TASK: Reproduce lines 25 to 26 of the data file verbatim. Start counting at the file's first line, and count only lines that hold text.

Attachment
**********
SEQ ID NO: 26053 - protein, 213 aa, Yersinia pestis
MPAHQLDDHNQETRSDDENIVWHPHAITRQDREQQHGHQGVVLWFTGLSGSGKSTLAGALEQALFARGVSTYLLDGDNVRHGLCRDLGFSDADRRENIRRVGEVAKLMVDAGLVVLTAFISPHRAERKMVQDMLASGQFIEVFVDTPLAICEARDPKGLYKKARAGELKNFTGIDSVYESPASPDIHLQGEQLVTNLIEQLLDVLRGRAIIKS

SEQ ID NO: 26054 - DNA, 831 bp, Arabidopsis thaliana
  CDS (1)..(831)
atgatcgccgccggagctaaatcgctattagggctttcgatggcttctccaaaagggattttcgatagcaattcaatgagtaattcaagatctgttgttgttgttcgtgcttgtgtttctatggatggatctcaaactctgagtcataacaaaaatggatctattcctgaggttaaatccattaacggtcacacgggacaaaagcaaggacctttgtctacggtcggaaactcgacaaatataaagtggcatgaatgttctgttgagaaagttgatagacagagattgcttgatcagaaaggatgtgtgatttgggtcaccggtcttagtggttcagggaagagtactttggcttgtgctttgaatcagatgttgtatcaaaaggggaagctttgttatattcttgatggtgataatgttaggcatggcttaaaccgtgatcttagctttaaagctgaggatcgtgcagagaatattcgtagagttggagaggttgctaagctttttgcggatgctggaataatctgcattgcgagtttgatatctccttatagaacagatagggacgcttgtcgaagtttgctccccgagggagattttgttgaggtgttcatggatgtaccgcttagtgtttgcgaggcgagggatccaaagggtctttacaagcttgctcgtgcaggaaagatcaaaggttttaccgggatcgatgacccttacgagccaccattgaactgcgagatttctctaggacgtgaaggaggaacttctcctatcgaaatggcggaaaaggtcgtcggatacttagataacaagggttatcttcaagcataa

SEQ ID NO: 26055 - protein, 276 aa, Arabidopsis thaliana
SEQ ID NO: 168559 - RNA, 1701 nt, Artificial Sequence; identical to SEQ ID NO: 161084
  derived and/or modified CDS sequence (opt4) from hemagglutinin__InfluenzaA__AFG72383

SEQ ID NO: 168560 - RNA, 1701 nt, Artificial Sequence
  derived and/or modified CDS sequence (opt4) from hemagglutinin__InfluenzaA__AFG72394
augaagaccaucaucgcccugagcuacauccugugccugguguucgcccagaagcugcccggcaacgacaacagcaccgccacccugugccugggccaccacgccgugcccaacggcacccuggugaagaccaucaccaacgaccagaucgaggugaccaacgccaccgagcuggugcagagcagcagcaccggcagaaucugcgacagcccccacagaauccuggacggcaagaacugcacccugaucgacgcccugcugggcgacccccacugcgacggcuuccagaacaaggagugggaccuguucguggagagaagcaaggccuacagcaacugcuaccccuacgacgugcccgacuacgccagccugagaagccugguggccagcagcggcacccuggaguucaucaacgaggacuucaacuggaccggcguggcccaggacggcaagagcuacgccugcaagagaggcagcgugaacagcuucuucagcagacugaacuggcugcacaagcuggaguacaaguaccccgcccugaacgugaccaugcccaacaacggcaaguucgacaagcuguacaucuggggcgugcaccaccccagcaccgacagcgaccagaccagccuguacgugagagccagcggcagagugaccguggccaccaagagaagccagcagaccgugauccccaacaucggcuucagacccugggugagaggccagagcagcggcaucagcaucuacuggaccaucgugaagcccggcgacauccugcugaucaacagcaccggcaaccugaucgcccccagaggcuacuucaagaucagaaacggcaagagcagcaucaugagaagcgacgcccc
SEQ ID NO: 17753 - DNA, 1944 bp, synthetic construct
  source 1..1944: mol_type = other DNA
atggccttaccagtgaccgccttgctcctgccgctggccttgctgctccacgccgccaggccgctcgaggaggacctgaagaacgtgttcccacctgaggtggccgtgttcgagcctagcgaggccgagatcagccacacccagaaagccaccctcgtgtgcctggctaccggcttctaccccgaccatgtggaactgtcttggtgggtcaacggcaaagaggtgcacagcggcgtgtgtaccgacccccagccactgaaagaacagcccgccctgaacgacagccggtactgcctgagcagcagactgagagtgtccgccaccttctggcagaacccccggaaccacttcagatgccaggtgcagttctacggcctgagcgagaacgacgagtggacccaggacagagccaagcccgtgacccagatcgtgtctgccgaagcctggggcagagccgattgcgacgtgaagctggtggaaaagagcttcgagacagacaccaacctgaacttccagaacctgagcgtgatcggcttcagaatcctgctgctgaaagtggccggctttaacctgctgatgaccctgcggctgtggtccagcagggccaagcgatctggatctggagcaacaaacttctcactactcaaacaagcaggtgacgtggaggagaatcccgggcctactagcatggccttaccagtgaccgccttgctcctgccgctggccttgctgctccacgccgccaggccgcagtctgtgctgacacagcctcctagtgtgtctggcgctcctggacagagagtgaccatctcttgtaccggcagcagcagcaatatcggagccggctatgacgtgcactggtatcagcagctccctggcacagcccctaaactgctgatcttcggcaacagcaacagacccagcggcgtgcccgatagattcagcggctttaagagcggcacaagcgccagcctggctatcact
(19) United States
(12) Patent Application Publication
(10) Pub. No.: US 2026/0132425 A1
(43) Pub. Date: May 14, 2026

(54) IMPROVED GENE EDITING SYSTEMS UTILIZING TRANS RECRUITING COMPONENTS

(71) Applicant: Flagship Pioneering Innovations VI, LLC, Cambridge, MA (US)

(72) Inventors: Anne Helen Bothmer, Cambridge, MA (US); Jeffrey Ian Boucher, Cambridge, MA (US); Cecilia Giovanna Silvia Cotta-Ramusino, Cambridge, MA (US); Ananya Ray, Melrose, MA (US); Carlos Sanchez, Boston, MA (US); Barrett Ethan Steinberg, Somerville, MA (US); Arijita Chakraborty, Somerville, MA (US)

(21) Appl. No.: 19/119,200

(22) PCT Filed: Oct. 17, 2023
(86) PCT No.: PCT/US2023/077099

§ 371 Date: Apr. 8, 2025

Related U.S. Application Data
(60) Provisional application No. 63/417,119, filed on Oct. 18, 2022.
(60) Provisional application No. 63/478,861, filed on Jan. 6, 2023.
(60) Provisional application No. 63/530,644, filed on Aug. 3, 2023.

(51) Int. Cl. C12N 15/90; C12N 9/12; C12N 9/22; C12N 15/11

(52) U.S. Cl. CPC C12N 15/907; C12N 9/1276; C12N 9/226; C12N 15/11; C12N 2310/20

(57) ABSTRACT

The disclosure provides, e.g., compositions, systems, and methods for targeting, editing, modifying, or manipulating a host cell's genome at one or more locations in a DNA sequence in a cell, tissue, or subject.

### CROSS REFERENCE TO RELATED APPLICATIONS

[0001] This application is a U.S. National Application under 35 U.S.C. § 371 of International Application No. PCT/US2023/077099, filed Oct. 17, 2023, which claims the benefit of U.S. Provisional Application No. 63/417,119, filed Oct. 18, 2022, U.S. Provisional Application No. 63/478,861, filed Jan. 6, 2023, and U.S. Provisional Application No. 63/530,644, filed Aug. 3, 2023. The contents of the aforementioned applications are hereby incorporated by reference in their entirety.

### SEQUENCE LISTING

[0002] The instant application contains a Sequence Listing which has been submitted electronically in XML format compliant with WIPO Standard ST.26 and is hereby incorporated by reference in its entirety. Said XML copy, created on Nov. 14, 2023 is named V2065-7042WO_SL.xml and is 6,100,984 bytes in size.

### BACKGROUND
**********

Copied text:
§ 371 Date: Apr. 8, 2025

Related U.S. Application Data